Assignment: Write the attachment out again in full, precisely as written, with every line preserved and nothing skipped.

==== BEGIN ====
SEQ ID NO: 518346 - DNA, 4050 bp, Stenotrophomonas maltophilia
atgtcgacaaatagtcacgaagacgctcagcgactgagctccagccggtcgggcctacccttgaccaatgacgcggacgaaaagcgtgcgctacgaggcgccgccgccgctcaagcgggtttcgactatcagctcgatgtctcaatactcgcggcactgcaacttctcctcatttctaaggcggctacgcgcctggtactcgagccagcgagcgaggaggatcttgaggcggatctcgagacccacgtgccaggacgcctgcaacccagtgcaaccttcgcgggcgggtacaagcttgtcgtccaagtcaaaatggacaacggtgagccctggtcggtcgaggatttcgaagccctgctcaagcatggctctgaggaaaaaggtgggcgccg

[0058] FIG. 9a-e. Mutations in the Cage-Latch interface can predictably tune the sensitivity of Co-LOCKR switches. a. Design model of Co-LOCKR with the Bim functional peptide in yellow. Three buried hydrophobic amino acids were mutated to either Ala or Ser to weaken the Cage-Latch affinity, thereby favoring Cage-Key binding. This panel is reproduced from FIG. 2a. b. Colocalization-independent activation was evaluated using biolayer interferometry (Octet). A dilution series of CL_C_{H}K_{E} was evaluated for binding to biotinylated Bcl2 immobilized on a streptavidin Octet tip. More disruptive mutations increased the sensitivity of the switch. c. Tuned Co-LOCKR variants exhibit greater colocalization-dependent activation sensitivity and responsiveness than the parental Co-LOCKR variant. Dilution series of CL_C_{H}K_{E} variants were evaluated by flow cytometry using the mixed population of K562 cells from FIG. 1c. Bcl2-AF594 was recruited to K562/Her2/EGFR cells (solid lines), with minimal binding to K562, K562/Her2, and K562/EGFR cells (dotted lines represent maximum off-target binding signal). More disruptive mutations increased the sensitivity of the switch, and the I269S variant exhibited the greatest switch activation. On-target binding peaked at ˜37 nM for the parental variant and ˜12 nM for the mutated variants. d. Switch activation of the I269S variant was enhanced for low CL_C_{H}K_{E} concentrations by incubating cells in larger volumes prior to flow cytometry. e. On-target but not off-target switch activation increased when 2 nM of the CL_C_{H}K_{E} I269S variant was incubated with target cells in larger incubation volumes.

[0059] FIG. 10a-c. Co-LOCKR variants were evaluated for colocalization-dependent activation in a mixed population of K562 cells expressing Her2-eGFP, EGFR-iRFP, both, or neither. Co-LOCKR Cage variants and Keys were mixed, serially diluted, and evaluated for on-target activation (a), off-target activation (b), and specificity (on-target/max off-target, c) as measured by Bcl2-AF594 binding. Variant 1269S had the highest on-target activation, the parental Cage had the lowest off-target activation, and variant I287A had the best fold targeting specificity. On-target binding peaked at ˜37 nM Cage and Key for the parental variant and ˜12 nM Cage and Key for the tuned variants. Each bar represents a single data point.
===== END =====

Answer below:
SEQ ID NO: 518346 - DNA, 4050 bp, Stenotrophomonas maltophilia
atgtcgacaaatagtcacgaagacgctcagcgactgagctccagccggtcgggcctacccttgaccaatgacgcggacgaaaagcgtgcgctacgaggcgccgccgccgctcaagcgggtttcgactatcagctcgatgtctcaatactcgcggcactgcaacttctcctcatttctaaggcggctacgcgcctggtactcgagccagcgagcgaggaggatcttgaggcggatctcgagacccacgtgccaggacgcctgcaacccagtgcaaccttcgcgggcgggtacaagcttgtcgtccaagtcaaaatggacaacggtgagccctggtcggtcgaggatttcgaagccctgctcaagcatggctctgaggaaaaaggtgggcgccg

[0058] FIG. 9a-e. Mutations in the Cage-Latch interface can predictably tune the sensitivity of Co-LOCKR switches. a. Design model of Co-LOCKR with the Bim functional peptide in yellow. Three buried hydrophobic amino acids were mutated to either Ala or Ser to weaken the Cage-Latch affinity, thereby favoring Cage-Key binding. This panel is reproduced from FIG. 2a. b. Colocalization-independent activation was evaluated using biolayer interferometry (Octet). A dilution series of CL_C_{H}K_{E} was evaluated for binding to biotinylated Bcl2 immobilized on a streptavidin Octet tip. More disruptive mutations increased the sensitivity of the switch. c. Tuned Co-LOCKR variants exhibit greater colocalization-dependent activation sensitivity and responsiveness than the parental Co-LOCKR variant. Dilution series of CL_C_{H}K_{E} variants were evaluated by flow cytometry using the mixed population of K562 cells from FIG. 1c. Bcl2-AF594 was recruited to K562/Her2/EGFR cells (solid lines), with minimal binding to K562, K562/Her2, and K562/EGFR cells (dotted lines represent maximum off-target binding signal). More disruptive mutations increased the sensitivity of the switch, and the I269S variant exhibited the greatest switch activation. On-target binding peaked at ˜37 nM for the parental variant and ˜12 nM for the mutated variants. d. Switch activation of the I269S variant was enhanced for low CL_C_{H}K_{E} concentrations by incubating cells in larger volumes prior to flow cytometry. e. On-target but not off-target switch activation increased when 2 nM of the CL_C_{H}K_{E} I269S variant was incubated with target cells in larger incubation volumes.

[0059] FIG. 10a-c. Co-LOCKR variants were evaluated for colocalization-dependent activation in a mixed population of K562 cells expressing Her2-eGFP, EGFR-iRFP, both, or neither. Co-LOCKR Cage variants and Keys were mixed, serially diluted, and evaluated for on-target activation (a), off-target activation (b), and specificity (on-target/max off-target, c) as measured by Bcl2-AF594 binding. Variant 1269S had the highest on-target activation, the parental Cage had the lowest off-target activation, and variant I287A had the best fold targeting specificity. On-target binding peaked at ˜37 nM Cage and Key for the parental variant and ˜12 nM Cage and Key for the tuned variants. Each bar represents a single data point.